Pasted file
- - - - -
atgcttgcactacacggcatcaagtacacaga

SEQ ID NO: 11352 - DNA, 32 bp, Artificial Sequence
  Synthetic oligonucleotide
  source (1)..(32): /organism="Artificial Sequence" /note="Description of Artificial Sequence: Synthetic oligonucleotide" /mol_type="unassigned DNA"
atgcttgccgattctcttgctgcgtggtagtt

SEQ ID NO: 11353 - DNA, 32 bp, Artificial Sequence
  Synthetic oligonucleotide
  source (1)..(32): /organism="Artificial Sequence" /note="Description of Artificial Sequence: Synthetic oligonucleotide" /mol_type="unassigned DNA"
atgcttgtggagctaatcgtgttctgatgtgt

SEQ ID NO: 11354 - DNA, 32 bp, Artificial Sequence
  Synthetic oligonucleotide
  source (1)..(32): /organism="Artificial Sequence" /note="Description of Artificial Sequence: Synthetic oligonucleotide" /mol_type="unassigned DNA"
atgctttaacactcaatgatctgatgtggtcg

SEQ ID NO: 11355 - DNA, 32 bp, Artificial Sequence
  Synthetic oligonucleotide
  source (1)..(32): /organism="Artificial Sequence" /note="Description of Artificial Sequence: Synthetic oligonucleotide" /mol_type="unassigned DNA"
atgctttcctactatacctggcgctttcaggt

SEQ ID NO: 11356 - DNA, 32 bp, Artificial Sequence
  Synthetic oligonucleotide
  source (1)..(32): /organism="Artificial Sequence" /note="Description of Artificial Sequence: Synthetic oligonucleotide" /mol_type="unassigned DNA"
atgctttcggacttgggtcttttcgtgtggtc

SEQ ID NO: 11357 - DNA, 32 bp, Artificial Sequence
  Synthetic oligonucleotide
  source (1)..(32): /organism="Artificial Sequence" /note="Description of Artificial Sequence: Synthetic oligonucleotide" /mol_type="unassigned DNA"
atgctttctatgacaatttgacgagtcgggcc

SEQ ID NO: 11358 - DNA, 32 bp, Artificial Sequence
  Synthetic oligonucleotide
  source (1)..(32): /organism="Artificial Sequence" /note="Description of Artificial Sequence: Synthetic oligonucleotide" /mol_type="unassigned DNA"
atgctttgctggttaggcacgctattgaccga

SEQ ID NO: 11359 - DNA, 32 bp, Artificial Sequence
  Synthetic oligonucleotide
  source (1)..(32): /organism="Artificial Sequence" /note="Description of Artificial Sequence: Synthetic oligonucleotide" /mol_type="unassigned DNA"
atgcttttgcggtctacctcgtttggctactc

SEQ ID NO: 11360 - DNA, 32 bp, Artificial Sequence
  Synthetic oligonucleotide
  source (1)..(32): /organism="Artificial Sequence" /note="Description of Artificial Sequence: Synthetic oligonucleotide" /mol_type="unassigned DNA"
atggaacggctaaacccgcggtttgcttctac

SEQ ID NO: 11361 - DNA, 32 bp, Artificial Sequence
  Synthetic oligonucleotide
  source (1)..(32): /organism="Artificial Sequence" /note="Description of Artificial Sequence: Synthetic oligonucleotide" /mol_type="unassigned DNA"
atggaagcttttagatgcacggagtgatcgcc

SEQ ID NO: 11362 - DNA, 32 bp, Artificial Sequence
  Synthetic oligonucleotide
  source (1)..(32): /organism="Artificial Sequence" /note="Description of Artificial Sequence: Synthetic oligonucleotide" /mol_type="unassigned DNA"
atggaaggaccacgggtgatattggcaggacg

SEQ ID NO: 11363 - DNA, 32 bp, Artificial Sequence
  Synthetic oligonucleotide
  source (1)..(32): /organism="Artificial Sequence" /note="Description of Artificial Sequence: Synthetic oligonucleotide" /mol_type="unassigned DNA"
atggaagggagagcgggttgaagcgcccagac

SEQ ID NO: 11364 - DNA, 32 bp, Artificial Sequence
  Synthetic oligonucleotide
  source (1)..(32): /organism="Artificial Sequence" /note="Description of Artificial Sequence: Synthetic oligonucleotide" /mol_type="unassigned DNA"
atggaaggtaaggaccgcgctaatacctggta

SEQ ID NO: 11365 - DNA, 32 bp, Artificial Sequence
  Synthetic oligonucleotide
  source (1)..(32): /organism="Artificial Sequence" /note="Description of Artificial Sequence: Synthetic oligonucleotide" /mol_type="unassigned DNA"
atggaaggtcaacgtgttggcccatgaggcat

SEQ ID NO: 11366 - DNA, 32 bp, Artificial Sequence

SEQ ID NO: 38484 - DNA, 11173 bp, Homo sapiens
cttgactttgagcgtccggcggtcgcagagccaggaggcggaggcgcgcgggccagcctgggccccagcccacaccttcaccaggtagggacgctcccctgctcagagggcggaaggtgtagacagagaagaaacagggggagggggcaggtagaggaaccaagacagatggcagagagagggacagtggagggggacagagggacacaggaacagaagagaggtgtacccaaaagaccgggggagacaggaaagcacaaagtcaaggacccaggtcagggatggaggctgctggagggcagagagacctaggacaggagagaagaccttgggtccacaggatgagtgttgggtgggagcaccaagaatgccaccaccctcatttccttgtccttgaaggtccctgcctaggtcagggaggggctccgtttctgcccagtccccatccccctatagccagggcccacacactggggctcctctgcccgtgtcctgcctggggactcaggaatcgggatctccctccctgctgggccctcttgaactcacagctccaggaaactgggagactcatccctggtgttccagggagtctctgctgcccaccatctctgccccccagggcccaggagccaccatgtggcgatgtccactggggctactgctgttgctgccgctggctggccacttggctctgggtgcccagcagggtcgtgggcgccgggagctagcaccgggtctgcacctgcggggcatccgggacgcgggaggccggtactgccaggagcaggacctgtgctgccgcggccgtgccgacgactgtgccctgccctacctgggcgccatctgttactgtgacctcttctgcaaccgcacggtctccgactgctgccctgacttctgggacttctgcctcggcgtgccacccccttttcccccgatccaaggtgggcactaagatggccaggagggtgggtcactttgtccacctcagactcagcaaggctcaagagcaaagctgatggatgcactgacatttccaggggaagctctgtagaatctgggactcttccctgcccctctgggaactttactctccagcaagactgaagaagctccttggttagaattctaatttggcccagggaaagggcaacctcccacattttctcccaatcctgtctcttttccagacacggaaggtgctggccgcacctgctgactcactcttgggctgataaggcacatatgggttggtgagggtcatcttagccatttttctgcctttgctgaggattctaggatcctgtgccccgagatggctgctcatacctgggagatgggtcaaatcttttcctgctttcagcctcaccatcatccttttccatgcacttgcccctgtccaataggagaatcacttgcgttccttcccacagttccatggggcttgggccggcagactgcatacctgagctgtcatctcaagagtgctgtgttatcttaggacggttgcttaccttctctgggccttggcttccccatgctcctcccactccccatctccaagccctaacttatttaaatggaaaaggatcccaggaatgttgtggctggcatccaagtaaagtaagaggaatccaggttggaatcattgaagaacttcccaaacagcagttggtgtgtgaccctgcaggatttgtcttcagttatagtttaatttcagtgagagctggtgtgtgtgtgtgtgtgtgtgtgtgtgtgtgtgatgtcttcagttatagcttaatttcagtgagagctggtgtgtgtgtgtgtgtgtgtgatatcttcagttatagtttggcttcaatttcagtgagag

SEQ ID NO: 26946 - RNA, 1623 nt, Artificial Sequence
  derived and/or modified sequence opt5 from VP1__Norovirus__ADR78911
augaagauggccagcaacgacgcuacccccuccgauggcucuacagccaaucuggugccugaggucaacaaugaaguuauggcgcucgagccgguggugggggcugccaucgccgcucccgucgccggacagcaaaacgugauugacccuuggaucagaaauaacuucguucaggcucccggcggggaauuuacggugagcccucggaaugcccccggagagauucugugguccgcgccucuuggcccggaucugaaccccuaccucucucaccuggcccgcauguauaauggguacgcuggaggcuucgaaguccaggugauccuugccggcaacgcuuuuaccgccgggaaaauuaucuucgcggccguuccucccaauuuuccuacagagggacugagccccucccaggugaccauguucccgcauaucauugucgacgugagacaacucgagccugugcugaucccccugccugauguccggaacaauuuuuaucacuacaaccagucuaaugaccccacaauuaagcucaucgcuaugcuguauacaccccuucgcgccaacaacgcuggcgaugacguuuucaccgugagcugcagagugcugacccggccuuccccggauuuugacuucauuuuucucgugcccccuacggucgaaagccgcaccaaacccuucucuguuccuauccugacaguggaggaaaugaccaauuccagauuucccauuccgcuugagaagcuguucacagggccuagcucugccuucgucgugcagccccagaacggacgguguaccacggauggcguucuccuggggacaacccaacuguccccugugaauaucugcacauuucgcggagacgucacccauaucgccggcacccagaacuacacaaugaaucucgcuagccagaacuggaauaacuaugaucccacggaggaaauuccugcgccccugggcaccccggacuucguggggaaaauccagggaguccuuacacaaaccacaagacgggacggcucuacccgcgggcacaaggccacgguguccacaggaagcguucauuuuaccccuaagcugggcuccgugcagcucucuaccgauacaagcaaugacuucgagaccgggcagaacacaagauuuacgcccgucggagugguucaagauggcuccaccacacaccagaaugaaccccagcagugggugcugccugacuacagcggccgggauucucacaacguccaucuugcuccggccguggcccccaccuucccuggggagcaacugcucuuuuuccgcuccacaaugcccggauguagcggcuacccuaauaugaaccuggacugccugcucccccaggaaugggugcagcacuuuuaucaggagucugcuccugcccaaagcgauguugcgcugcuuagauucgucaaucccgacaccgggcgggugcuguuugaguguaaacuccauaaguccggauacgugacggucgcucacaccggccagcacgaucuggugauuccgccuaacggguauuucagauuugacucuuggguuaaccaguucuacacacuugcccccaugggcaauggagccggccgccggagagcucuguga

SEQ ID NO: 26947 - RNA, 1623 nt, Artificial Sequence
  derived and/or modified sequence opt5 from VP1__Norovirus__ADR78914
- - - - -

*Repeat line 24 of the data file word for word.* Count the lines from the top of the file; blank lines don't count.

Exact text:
  source (1)..(32): /organism="Artificial Sequence" /note="Description of Artificial Sequence: Synthetic oligonucleotide" /mol_type="unassigned DNA"